Is the U.S. economy heading for another 'Spring Swoon'? That's the question a lot of economists are wondering -- and worrying about -- ahead of Friday's critical April jobs report.
Thursday brought another round of economic data confirming the economy is downshifting, the big question is how fast.
Most troubling, ISM manufacturing fell to 53.5 in April, below expectations and its lowest level since December.
"'Respondents' comments affirm the slowing rate of growth," the Institute of Supply Management said in a release accompanying the report. "In addition, they remain concerned about rising fuel costs and the impact on shipping, transportation and petroleum-based product costs."
The ISM data follows the weaker-than-expected report on first-quarter GDP, and the most recent reports on durable goods, ADP payrolls and auto sales, which all disappointed.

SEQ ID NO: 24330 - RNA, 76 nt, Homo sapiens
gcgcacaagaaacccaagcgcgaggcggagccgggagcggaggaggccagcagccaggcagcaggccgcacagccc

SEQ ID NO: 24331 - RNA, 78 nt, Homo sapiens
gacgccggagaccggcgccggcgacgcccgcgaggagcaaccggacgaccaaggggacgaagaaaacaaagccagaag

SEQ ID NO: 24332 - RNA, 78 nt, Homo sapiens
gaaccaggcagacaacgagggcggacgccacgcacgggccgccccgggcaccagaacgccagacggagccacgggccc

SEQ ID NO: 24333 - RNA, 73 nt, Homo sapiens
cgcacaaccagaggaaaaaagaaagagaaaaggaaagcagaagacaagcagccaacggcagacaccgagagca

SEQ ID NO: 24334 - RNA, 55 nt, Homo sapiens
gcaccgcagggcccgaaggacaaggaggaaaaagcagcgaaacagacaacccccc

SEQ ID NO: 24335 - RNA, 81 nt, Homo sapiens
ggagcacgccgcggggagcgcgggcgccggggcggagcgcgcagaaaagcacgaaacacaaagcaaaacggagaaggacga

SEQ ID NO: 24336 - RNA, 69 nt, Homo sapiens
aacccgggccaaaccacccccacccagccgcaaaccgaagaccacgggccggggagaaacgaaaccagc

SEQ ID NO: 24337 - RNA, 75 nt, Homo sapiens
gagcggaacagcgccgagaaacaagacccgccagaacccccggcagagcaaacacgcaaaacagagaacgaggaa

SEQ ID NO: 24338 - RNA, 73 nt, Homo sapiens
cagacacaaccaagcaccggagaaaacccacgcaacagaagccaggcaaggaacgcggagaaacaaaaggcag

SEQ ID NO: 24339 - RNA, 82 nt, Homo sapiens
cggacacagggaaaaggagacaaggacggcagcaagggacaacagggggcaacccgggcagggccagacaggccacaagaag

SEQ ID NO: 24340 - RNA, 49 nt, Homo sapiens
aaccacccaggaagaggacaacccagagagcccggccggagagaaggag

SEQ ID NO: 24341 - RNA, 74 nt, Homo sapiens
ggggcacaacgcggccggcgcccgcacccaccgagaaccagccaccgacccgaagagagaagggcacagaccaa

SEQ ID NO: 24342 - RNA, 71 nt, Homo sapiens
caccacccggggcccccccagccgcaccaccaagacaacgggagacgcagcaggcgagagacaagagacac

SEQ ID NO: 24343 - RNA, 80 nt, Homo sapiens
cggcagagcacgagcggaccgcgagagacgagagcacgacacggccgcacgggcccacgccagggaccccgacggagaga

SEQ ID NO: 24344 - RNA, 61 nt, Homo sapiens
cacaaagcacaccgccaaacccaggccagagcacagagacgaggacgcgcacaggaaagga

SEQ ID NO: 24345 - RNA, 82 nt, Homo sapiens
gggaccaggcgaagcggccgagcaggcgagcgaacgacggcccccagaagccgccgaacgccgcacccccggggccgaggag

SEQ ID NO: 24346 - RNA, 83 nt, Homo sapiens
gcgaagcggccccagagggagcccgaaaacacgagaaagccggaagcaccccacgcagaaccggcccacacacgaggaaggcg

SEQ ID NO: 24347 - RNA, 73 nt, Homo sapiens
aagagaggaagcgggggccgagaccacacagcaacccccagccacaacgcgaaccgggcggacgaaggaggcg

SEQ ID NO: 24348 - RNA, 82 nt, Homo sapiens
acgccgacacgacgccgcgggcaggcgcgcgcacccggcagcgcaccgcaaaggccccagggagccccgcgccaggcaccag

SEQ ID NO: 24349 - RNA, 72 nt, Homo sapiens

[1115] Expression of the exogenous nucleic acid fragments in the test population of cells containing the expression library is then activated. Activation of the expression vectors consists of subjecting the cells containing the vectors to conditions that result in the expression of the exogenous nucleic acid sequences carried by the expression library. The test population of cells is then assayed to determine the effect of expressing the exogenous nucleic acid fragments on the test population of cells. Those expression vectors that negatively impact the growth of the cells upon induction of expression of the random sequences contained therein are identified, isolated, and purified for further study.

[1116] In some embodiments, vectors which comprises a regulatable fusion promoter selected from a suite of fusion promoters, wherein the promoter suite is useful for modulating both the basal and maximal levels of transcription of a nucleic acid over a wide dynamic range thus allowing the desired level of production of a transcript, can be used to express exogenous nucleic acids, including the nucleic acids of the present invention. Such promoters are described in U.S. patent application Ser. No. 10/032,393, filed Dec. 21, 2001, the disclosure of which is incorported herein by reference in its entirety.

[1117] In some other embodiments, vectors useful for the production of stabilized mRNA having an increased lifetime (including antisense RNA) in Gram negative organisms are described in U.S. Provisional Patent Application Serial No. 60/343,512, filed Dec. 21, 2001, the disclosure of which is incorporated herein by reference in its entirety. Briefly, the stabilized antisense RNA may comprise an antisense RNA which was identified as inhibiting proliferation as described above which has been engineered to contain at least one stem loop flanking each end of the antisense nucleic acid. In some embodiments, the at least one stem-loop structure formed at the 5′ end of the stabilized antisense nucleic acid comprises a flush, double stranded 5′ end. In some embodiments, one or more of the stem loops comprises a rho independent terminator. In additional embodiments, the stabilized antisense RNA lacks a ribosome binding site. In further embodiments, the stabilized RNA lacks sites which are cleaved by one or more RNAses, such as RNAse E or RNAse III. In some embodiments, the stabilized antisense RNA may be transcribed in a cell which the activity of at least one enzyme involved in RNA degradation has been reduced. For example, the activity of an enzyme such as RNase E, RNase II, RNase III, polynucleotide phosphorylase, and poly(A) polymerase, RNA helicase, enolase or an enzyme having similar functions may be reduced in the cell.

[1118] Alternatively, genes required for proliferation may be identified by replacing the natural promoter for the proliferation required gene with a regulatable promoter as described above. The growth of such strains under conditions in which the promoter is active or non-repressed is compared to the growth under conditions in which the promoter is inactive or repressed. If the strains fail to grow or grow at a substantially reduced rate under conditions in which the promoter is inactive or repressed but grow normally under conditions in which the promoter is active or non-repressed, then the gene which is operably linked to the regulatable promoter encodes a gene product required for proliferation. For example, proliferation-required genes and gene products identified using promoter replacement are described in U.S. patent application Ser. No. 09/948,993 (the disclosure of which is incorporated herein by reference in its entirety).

On the other hand, gasoline prices have fallen for two-straight weeks, the ISM services data was better-than-expected and Thursday's weekly jobless claims data showed an unexpectedly large drop of 27,000.
In sum, the data are mixed with a decided bias to the downside.
The conventional wisdom is the U.S. economy will continue to muddle along in the low 2% range, which is certainly better than recession but not nearly strong enough to make a dent in the unemployment rate.
For April, the consensus is the U.S. economy added 160,000 jobs while the unemployment held steady at 8.2%. Judging by the recent data, there is downside risk to consensus although the econo-bulls were encouraged by the big drop in weekly jobless claims.
In the accompanying video, I go inside the numbers with our economics editor Daniel Gross, who notes consumer spending added 2.8% to growth in the first quarter. Considering the overall number was 2.2%, that means the business investment and government activities were an overall drag on economic growth.
In 2009, 2010 and 2011, economic growth, however modest, was based largely on a rebound in business spending and investment. The big question now is whether the U.S. consumer can take the proverbial baton and keep the recovery afloat.